This repository contains code used while experimenting with YARV bytecode precompilation under the MRI ruby interpreter. For larger rails projects, a considerable portion of load time during development is spent preloading gems and other dependencies that almost never change unless bundler's Gemfile changes. Even though the MRI interpreter can read and write YARV instruction sequences, it does not expose all interfaces publicly.
This is a work in [un]progress. This code is known to NOT WORK with
rbenv, but the reason is currently unknown. It should work with
rvm, but assumes you do not prefix your commands with
(for now). It is not currently being maintained due to reasons outlined
in the "Practice" section of this README.
In theory, it should be possible to create a library that wraps a series of
require statements in an application (or bundler itself) and builds one
large precompiled blob of bytecode that can later be injected on subsequent
invocations. When that same block of code is reached, instead of executing
the contents of that block, a blob of bytecode is injected into the YARV VM
$LOADED_FEATURES list is updated. The original source files would
never be parsed and the MRI interpreter would have to re-navigate a possibly
gigantic dependency graph.
#!/usr/bin/env ruby require 'injectus' Injectus.capture do require 'bundler' Bundler.require(:default) end # application code that may or may not change...
In practice, there are multiple tools that try to inject themselves into
the code loading process, including both bundler and rails. To complicate
thing further, ruby has a concept of
autoload (lazy evaluation of
dependencies) and rails 3 also implements their own variation of autoload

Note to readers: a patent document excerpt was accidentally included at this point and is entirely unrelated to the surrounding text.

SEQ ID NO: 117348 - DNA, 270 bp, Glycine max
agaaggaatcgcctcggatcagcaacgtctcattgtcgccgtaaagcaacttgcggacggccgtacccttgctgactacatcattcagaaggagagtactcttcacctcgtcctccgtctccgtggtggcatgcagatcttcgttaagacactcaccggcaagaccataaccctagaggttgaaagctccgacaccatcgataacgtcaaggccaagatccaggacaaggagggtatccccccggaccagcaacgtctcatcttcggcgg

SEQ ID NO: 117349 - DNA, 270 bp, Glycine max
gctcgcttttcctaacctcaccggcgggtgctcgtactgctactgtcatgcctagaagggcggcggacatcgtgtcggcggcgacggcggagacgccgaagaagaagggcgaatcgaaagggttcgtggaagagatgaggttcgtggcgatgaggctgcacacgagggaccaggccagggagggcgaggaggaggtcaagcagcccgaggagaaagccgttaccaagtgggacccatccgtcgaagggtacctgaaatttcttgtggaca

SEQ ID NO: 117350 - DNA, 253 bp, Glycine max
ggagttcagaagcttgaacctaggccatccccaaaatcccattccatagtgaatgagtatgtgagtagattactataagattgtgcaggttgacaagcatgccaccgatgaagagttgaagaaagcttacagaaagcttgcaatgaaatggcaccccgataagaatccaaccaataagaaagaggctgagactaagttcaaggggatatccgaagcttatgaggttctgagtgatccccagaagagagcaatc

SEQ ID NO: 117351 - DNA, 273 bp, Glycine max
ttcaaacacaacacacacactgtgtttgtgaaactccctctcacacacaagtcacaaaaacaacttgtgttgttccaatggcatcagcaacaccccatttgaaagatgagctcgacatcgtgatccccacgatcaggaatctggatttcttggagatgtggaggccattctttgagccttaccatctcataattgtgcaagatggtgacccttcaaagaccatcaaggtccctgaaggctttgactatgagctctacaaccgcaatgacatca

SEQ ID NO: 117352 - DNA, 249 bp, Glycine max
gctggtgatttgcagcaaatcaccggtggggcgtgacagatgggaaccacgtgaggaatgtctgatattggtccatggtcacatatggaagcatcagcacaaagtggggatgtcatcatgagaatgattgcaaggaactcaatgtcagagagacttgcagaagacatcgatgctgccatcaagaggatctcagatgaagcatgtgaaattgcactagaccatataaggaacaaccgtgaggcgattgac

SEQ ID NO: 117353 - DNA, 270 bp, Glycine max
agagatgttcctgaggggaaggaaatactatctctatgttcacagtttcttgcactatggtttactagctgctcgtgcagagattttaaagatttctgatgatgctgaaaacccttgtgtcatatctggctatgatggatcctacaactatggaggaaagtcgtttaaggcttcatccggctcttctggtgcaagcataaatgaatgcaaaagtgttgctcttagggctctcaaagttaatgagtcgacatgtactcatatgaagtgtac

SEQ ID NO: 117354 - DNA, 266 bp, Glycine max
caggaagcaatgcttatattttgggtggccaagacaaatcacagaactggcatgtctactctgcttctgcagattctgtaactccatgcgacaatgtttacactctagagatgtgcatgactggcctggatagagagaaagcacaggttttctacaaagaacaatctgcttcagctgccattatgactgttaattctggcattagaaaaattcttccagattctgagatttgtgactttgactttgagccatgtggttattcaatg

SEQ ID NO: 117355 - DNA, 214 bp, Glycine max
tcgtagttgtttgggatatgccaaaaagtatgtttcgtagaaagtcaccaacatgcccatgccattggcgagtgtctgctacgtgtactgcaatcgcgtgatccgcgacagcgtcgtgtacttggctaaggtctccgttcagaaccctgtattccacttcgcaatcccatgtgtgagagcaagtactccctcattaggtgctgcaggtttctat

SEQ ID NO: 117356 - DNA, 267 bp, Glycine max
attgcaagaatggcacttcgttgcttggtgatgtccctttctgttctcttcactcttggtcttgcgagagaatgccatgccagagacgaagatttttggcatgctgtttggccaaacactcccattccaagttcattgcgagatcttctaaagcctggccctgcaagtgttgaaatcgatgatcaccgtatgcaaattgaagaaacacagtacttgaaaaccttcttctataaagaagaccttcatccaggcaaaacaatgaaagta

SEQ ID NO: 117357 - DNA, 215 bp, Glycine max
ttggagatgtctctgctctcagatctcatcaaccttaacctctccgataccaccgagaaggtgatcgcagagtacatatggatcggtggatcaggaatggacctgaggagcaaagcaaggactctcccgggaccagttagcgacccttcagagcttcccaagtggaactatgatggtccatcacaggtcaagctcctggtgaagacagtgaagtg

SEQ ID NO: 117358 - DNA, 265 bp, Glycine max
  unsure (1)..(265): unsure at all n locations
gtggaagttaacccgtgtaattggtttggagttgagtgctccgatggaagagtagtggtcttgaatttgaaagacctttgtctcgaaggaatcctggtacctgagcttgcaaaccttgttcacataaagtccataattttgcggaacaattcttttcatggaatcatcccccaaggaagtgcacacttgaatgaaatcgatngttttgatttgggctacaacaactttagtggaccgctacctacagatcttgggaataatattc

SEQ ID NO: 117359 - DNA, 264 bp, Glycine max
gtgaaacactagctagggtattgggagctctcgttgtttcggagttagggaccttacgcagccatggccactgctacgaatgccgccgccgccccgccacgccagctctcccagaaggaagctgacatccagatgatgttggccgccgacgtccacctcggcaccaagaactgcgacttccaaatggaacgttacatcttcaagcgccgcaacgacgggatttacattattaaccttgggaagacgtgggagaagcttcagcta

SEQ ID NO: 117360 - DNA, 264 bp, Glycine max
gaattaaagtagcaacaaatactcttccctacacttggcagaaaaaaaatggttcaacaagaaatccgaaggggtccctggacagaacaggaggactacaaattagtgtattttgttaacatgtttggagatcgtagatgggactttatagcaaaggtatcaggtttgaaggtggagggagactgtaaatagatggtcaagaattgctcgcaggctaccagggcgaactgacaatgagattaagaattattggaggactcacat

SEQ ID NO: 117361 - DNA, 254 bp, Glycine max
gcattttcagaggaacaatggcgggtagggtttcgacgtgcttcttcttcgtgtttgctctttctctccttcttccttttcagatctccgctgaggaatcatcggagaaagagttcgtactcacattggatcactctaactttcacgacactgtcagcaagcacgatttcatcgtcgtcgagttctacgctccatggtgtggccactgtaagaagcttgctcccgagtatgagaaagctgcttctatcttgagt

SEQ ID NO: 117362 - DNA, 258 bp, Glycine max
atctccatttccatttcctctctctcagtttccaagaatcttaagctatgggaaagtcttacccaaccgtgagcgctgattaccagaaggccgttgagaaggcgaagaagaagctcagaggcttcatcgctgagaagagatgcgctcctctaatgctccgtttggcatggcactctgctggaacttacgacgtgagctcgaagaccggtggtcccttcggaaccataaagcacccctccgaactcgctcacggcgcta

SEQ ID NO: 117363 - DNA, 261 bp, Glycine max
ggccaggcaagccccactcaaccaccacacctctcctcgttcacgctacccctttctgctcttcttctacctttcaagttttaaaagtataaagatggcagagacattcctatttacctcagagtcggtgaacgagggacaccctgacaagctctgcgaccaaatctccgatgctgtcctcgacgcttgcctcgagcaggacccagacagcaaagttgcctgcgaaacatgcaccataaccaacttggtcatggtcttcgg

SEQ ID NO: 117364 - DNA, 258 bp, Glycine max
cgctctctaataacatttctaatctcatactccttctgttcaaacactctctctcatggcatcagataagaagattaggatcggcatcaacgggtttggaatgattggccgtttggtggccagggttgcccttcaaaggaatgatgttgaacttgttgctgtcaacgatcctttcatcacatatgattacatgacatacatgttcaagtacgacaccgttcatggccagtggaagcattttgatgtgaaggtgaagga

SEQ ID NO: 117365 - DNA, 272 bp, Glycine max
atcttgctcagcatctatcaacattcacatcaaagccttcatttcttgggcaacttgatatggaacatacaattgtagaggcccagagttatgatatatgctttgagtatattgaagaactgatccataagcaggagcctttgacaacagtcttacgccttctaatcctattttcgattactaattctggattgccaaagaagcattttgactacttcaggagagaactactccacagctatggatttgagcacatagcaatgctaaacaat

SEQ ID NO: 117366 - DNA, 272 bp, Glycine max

With the MRI interpreter (at least the 1.9.x series),
defined in ruby code can be reliably captured, including the order in which
source files are interpreted. Due to legacy issues, ruby code loaded
autoload does not call back out to the ruby's
to expectation and has not been fixed in 1.9.x or early 2.0.x releases:
Because we can not reliably get a list of all files required in their
original order, it is not possible to capture and reload instructions as
one giant blob; instead it requires us to manage code loading one source
file at a time, and to keep track of whether any other source files have
been loaded between invocations of
One positive is that autoloading in both ruby and rails appear to be on their way out due to issues with thread-safety, see:
MRI provides an interface for accessing instruction sequences via
RubyVM::InstructionSequence. It does not provide a public interface for
loading those sequences back into the VM from within ruby code. This can
be worked around by exposing
rb_iseq_load ourselves using ruby's
Unfortunately, unmarshalling bytecode into ruby objects before passing it back to the YARV VM causes a major performance hit due to garbage collection and boxing of data structures (some speculation here). The end result is only a marginal performance increase that is further eroded in newer versions of MRI (1.9.3) that make additional improvements in code loading (http://www.rubyinside.com/ruby-1-9-3-faster-loading-times-require-4927.html).
This could be a viable project if it was possible to:
- reliably track the load order of all source files compiled into instruction sequences
- load a bytecode sequence directly into the VM without first unmarshalling into ruby objects
Other links that may be useful: